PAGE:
html entities

DunbarX at aol.com DunbarX at aol.com
Fri Oct 29 11:11:17 CDT 2010


I should have been more clear. Use the ampersand and semicolon to locate 
the original char in the source text. Convert that char with the charToNum 
function.

If your source text actually contains ampersands and semicolons, it is a 
bit more involved. The ampersand itself comes over as "&amp". So you can find 
this string and deal with it.

But the semicolon appears all by itself. Still, you can determine whether 
it is a standalone semicolon or a terminating tag by examining the chars 
precediing it. I would test extensively.

Another, maybe better, way would be to initially replace those two chars 
with something you never use (I like ASCII 240). Then run your gadget and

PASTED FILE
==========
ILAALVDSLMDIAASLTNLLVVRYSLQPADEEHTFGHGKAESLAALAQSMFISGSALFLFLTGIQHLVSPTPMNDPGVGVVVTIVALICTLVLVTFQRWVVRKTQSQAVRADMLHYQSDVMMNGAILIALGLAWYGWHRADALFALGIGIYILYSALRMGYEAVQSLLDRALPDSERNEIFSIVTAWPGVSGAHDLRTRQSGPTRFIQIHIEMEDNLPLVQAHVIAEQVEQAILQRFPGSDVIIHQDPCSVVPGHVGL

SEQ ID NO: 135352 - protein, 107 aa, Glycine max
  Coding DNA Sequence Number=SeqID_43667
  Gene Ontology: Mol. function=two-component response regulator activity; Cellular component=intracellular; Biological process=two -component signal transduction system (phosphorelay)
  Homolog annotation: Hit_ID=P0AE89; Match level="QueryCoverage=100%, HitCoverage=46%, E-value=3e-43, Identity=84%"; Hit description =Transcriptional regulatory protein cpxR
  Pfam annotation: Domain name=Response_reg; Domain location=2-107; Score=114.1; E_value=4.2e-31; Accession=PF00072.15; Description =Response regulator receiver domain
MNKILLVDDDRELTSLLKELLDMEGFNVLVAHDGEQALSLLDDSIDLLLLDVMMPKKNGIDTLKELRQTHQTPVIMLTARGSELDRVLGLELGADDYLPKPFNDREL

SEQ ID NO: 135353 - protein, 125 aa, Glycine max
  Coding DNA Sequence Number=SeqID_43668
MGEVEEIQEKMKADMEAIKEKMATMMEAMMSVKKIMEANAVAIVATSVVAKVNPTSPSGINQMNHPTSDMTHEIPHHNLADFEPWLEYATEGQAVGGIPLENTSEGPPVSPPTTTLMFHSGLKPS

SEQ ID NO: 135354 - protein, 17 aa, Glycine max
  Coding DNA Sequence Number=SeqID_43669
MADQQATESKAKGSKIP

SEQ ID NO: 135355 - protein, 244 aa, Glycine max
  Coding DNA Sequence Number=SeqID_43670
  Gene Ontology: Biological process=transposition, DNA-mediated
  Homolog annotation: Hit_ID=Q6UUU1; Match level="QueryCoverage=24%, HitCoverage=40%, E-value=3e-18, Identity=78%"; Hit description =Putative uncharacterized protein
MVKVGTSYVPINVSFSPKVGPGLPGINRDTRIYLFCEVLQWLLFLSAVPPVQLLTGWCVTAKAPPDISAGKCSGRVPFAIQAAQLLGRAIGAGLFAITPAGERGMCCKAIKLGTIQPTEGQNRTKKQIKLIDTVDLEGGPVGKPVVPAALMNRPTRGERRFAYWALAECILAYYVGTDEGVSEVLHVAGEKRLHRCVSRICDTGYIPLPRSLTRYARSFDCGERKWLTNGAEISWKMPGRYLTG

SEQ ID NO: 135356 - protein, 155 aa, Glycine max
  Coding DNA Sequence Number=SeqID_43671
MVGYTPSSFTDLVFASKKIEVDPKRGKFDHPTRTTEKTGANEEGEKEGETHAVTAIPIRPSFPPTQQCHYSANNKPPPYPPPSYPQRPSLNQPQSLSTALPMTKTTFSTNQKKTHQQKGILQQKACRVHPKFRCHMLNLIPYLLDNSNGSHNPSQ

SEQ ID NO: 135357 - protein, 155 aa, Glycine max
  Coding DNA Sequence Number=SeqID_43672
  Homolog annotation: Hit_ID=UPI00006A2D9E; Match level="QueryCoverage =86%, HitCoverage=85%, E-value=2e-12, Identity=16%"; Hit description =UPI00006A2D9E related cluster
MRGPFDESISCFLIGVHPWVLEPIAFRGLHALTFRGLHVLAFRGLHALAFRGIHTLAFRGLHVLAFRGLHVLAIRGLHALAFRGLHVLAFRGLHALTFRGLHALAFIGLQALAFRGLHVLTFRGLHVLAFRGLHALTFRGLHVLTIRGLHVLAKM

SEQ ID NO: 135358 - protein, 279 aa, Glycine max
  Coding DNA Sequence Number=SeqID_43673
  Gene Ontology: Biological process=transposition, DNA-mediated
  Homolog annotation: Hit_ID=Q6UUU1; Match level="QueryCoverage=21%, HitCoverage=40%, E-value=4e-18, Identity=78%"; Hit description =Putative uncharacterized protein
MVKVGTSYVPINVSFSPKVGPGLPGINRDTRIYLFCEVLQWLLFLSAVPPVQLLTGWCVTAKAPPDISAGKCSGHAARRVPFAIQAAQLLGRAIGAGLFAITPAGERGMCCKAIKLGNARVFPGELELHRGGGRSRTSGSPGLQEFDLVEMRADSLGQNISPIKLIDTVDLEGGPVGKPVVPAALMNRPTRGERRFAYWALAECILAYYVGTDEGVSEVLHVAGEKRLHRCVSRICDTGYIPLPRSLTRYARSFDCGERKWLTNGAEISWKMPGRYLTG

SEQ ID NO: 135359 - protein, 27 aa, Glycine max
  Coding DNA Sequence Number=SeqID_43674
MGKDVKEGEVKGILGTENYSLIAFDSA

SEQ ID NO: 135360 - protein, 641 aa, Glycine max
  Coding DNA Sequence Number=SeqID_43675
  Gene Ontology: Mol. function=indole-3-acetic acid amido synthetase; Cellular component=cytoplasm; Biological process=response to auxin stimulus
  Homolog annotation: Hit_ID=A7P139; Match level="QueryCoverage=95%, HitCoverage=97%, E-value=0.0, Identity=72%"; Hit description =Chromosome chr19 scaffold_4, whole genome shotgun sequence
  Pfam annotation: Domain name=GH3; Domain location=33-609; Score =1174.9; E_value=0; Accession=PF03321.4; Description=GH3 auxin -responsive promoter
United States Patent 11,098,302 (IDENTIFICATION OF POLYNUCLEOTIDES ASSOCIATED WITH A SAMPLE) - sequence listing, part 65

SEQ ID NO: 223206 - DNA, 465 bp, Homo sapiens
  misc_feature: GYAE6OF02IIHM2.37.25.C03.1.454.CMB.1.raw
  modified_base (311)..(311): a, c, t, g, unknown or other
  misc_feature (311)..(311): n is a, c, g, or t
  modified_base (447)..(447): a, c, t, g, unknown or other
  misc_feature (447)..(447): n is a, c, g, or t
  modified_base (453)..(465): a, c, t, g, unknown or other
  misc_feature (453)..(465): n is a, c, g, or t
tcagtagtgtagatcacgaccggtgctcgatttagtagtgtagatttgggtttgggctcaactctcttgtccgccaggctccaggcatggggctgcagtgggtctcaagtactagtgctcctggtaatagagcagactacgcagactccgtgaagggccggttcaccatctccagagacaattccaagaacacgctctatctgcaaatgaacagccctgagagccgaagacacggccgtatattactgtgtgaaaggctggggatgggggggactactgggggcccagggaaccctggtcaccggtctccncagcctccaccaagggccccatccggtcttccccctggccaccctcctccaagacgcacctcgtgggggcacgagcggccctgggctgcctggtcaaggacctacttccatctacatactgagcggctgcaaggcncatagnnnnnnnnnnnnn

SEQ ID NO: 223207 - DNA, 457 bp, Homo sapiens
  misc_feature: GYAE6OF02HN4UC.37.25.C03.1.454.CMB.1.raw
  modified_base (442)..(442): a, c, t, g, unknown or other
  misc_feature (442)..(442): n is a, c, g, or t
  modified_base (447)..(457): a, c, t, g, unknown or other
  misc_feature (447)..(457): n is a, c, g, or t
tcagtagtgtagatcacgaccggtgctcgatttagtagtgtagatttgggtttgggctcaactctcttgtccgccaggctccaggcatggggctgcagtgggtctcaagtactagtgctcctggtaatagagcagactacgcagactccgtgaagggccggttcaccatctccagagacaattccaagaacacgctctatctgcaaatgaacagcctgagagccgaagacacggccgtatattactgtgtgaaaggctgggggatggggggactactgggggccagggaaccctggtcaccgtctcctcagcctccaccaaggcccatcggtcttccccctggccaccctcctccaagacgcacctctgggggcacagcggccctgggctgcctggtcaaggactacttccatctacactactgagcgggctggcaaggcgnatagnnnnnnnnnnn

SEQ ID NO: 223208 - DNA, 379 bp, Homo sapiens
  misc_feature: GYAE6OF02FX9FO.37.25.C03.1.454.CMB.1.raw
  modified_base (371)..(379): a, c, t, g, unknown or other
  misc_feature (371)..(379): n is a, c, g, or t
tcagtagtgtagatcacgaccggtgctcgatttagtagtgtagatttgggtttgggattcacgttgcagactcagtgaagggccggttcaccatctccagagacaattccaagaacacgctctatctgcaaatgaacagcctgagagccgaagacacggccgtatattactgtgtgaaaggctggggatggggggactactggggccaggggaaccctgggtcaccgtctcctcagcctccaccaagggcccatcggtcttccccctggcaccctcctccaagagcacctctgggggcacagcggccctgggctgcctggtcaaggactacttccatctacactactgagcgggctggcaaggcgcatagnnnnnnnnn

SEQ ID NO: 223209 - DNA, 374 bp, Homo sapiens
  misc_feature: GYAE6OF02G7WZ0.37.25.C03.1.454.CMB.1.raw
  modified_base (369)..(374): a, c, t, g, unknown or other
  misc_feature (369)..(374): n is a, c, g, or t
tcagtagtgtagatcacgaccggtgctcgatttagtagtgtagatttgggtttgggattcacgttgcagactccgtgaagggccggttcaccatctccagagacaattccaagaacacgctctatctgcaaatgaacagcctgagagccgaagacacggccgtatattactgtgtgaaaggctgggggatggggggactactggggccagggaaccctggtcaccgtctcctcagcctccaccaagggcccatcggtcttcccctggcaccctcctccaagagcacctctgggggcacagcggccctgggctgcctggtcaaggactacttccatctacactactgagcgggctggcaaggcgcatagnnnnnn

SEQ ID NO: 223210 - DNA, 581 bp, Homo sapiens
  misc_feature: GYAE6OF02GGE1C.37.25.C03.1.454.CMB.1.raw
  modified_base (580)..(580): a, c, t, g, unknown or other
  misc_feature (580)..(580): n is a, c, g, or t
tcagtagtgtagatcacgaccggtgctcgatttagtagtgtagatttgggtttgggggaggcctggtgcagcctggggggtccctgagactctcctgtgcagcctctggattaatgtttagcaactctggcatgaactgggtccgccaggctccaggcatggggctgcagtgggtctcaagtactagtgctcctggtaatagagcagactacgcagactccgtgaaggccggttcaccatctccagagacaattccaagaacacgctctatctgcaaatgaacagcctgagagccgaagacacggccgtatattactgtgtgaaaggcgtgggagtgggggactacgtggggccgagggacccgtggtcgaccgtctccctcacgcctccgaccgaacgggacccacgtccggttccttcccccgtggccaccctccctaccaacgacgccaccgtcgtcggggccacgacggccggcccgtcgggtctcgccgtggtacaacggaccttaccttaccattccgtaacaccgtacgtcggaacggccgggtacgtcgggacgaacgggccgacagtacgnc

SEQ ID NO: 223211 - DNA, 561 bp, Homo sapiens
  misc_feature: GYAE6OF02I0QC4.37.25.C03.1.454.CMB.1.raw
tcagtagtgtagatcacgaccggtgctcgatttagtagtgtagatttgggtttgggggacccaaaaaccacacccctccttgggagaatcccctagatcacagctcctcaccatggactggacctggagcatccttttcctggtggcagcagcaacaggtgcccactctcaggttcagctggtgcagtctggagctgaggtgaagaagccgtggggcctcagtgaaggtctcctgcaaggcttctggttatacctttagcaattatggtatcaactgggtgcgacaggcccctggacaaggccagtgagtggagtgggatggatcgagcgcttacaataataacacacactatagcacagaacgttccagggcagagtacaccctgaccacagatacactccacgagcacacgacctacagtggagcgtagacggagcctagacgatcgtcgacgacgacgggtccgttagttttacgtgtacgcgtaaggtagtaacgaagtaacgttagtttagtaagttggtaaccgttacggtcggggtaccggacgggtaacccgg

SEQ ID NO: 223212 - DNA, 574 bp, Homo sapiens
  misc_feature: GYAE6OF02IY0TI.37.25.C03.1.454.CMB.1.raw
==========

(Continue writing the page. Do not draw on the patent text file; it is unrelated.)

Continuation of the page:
restore them by replacing the resulting strings with "&" and ":".

Craig Newman


In a message dated 10/29/10 11:29:08 AM, DunbarX at aol.com writes:


> But it would be simple to take the output and do a little massaging. An
> ampersand seems always to be inserted as a tag when the function 
> encounters a
> character with ASCII above 128, and a semicolon seems always to act as a
> terminating tag.
> 
> You can write a widget to find those characters, and convert them to ASCII
> with the charToNum function.
> 
> 



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